- Tomas Kundratek's play so far this year has been a pleasant surprise on an injury-depleted blue line - particularly considering the organization's general lack of defensive depth at the moment. So it's been great to see Steven Oleksy come in as a newly signed, first-time NHLer and immediately make an impact. After picking up an assist in his first NHL game, he added two more in last night's drubbing and threw in some excellent physical play that really set the tone early. The best part? At the AHL level, he's known as a fighter and has racked up the PIMs, but he seems to be taking Adam Oates' words to heart - he knows he's here to play, not fight, and has done exactly that.
- Have to think that his surprisingly solid performances provide even more validation for tossing Roman Hamrlik onto the waiver wire earlier this week. Tough to lose a guy for nothing but after being benched for 16 of the first 20 games and at 39-years-old, there was probably little to no trade market out there and that's just the reality. Good for Hamr for landing on a team that can use him and we certainly wish him luck (although obviously not too much, especially this Sunday).
- They may not be moving up the standings as much as we'd like, but one of the better signs of how things seem to be turning around is in the team's resiliency of late. After a rough start to the season - for team and goaltender alike - it would have been easy for them to get sidetracked by a very flat loss in Philadelphia. Instead they went on to win three straight, starting with a dominant 3-0 win over a division rival. They then refused to cave when down by three against the Bruins and chipped away before finally winning in overtime. Even in routs they've shown resiliency, jumping out to a very early 4-0 lead against Florida and then continuing to pile on over the remaining 52 minutes.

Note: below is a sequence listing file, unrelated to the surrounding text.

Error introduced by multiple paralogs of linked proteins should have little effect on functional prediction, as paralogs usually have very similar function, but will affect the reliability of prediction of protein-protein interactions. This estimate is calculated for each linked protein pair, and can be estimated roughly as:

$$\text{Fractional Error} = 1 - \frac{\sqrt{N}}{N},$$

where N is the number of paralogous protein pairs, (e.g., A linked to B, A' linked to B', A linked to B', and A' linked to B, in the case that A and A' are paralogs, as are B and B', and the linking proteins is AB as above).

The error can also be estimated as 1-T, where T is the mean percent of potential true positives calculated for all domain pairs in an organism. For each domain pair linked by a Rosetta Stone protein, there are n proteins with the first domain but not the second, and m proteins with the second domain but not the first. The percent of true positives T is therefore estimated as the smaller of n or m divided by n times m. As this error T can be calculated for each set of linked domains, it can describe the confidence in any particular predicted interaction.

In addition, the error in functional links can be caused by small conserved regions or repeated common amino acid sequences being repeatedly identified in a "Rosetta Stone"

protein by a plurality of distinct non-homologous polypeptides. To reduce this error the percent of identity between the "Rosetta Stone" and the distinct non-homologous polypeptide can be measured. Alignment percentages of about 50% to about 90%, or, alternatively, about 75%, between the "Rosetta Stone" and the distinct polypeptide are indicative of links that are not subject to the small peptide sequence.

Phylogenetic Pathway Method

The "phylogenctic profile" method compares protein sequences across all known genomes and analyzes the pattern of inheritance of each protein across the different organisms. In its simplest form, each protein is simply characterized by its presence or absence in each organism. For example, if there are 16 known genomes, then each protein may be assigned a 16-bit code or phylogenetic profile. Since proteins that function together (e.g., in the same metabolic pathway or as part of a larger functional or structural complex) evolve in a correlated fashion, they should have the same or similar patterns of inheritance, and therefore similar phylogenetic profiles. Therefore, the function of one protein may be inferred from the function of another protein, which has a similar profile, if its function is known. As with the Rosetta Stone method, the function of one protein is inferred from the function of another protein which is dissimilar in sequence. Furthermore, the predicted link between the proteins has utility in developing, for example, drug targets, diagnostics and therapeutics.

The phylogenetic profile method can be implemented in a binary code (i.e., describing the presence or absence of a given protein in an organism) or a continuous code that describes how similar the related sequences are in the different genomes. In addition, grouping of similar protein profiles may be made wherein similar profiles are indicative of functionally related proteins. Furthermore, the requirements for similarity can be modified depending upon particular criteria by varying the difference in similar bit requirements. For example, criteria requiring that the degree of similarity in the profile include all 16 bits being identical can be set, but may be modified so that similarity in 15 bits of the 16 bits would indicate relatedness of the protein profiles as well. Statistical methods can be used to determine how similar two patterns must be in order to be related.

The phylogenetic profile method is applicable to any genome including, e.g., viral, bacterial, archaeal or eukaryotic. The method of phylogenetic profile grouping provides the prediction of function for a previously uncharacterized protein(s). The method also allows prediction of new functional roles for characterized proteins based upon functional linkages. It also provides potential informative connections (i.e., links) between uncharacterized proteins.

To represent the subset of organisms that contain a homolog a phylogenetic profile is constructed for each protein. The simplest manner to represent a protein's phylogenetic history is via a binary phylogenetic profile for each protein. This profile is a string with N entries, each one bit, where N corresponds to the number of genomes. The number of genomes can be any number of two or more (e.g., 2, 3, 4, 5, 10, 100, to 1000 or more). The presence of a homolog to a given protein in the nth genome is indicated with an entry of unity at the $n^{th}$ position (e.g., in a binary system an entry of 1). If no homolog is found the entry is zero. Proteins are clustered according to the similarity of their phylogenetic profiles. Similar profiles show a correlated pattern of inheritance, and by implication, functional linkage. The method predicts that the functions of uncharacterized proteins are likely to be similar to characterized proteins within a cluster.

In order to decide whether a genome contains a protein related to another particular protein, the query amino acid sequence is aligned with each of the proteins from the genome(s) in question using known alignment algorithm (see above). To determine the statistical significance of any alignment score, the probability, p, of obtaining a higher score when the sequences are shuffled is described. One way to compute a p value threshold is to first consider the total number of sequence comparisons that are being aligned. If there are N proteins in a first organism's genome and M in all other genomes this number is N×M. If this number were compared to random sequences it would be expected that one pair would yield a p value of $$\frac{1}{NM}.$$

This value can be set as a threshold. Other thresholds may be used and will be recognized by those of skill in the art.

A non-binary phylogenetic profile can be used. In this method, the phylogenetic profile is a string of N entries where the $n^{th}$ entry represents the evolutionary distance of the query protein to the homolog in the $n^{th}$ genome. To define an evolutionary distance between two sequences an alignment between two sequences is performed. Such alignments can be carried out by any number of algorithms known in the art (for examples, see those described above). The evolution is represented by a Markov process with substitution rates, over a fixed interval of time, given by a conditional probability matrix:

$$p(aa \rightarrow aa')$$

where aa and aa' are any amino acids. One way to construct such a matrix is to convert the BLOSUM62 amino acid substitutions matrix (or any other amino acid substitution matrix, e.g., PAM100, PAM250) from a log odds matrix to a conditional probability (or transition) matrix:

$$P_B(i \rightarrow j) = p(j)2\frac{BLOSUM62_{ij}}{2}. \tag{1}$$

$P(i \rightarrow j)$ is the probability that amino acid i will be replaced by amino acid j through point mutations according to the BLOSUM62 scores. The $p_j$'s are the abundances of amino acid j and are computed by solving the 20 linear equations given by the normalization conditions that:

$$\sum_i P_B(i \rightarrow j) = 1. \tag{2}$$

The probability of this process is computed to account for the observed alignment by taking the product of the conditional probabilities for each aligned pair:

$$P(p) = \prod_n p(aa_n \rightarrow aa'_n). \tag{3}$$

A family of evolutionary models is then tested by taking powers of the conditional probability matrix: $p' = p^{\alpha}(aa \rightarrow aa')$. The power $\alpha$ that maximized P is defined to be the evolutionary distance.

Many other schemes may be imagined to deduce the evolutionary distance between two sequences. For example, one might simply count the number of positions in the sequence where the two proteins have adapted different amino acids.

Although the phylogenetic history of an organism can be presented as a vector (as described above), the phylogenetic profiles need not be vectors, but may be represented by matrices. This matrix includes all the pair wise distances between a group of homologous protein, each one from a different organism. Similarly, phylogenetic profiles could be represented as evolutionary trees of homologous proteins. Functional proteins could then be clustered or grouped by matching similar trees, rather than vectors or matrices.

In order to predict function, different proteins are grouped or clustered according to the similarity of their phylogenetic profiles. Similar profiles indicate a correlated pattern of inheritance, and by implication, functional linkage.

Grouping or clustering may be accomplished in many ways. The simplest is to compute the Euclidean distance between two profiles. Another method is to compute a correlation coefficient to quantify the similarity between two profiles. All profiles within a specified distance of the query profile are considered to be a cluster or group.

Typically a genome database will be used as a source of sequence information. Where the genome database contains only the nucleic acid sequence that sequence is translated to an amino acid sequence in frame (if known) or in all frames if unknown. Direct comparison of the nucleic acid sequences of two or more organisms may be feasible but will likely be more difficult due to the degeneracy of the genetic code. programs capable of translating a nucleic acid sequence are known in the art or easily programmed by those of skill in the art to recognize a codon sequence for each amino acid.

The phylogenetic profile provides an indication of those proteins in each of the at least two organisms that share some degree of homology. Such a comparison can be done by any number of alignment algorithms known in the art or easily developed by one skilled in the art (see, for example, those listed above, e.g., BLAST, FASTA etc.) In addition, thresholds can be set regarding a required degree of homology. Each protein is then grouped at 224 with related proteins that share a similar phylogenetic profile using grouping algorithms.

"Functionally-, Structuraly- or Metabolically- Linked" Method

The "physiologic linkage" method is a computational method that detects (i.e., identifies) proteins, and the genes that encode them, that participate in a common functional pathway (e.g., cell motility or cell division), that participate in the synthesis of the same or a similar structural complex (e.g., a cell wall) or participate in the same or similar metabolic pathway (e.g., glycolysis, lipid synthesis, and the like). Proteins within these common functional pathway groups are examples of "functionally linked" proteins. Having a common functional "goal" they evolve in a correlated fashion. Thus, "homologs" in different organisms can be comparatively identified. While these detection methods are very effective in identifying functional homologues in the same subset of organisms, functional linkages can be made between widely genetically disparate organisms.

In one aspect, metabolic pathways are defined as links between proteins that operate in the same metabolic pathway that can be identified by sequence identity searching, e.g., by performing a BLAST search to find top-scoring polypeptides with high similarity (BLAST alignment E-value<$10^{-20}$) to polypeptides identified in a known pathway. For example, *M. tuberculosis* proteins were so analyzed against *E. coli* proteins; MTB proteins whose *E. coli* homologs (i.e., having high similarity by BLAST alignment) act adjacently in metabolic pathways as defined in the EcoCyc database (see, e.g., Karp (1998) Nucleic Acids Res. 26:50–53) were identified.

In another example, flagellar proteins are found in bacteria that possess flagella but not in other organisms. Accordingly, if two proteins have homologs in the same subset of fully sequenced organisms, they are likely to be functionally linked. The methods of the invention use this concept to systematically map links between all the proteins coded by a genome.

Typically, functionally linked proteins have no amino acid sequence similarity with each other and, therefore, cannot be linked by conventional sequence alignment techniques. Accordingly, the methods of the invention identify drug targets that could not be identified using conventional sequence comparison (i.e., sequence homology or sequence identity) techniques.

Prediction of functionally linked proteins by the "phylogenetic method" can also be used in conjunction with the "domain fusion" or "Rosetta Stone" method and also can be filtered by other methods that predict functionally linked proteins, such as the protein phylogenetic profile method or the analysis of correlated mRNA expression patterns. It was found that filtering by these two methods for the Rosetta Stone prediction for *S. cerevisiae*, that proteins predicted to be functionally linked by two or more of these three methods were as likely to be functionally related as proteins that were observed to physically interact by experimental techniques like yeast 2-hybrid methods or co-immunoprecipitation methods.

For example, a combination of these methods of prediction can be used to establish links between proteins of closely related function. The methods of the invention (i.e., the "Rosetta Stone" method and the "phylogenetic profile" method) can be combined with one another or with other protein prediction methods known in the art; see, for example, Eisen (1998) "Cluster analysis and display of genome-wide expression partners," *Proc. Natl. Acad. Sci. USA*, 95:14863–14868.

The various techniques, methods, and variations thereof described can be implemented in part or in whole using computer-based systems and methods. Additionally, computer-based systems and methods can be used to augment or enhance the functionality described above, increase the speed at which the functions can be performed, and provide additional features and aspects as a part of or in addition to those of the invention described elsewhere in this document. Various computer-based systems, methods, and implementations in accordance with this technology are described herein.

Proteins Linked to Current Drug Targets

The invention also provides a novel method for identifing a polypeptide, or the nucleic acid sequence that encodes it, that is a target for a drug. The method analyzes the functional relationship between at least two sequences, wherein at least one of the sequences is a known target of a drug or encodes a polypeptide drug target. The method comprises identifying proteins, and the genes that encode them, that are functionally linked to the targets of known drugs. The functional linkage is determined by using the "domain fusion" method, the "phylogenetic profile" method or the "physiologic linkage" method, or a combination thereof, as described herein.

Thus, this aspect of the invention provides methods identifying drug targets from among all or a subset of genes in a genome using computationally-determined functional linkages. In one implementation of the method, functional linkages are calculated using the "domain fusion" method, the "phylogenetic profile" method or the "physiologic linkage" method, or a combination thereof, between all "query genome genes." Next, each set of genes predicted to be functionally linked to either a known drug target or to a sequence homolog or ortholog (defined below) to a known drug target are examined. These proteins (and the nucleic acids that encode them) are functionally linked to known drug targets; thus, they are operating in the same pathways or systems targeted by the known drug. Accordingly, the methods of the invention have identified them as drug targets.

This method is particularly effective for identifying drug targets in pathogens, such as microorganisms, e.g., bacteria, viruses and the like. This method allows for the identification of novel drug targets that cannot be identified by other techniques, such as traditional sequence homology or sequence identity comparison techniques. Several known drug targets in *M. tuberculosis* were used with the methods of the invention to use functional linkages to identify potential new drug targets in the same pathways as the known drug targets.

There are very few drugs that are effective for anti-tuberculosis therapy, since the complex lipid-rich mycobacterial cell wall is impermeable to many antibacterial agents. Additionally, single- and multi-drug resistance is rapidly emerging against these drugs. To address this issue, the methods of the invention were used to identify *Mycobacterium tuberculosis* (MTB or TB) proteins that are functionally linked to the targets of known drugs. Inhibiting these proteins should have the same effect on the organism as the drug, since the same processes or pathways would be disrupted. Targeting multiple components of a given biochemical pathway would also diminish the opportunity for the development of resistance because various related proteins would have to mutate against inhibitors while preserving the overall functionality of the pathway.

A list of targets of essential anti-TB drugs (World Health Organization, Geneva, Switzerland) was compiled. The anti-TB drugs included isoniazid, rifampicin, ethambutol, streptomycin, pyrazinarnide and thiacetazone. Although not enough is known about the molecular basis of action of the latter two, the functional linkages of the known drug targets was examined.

- Braden Holtby's save percentage is now up to .911, which is much better than it used to be... but boy does it ever show how ugly those numbers were early on. Consider the fact that his numbers look like that after posting three shutouts on the season and after giving up just nine goals in his last six games.
- Along with pacing the team in the goal-scoring department, Troy Brouwer's had a bit of success in other areas - including the faceoff circle. Brouwer is currently kicking some caboose on offensive-zone draws, having won 30 of the 47 he's taken (including 4-for-4 last night, setting up John Carlson's goal early in the first). Of course, one might ask why Brouwer, very much not a center, has taken 47 faceoffs period; one theory we've kicked around is that Adam Oates, ever the devoted right-hand/left-hand afficionado, has instructed Brouwer, a righty, to take draws when the matchup is favorable (or rather unfavorable for Nicklas Backstrom, a lefty). Seems to be working.
- Nice to see Wojtek Wolski finally break out of his goal-scoring drought Tuesday night against the Bruins, after so many chances that seemed to be so close and yet so far. Even nicer to see because it was the game-tying tally
- Eric Fehr's overtime winner in that game was a beauty. So was Mathieu Perreault's extra-point goal last night against Florida. Two great individual efforts from a couple of guys who have had a very different but equally difficult uphill climb to get to where they are now. So here's the question... take away context, which goal was prettier? Tough call. I can't choose. Here, you decide:
- "Overheard" on Twitter - like the rest of us, the future Mrs. Ovechkin got a bit spoiled by the opening of last night's game:
(via Sick Unbelievable / HockeyShopped.com)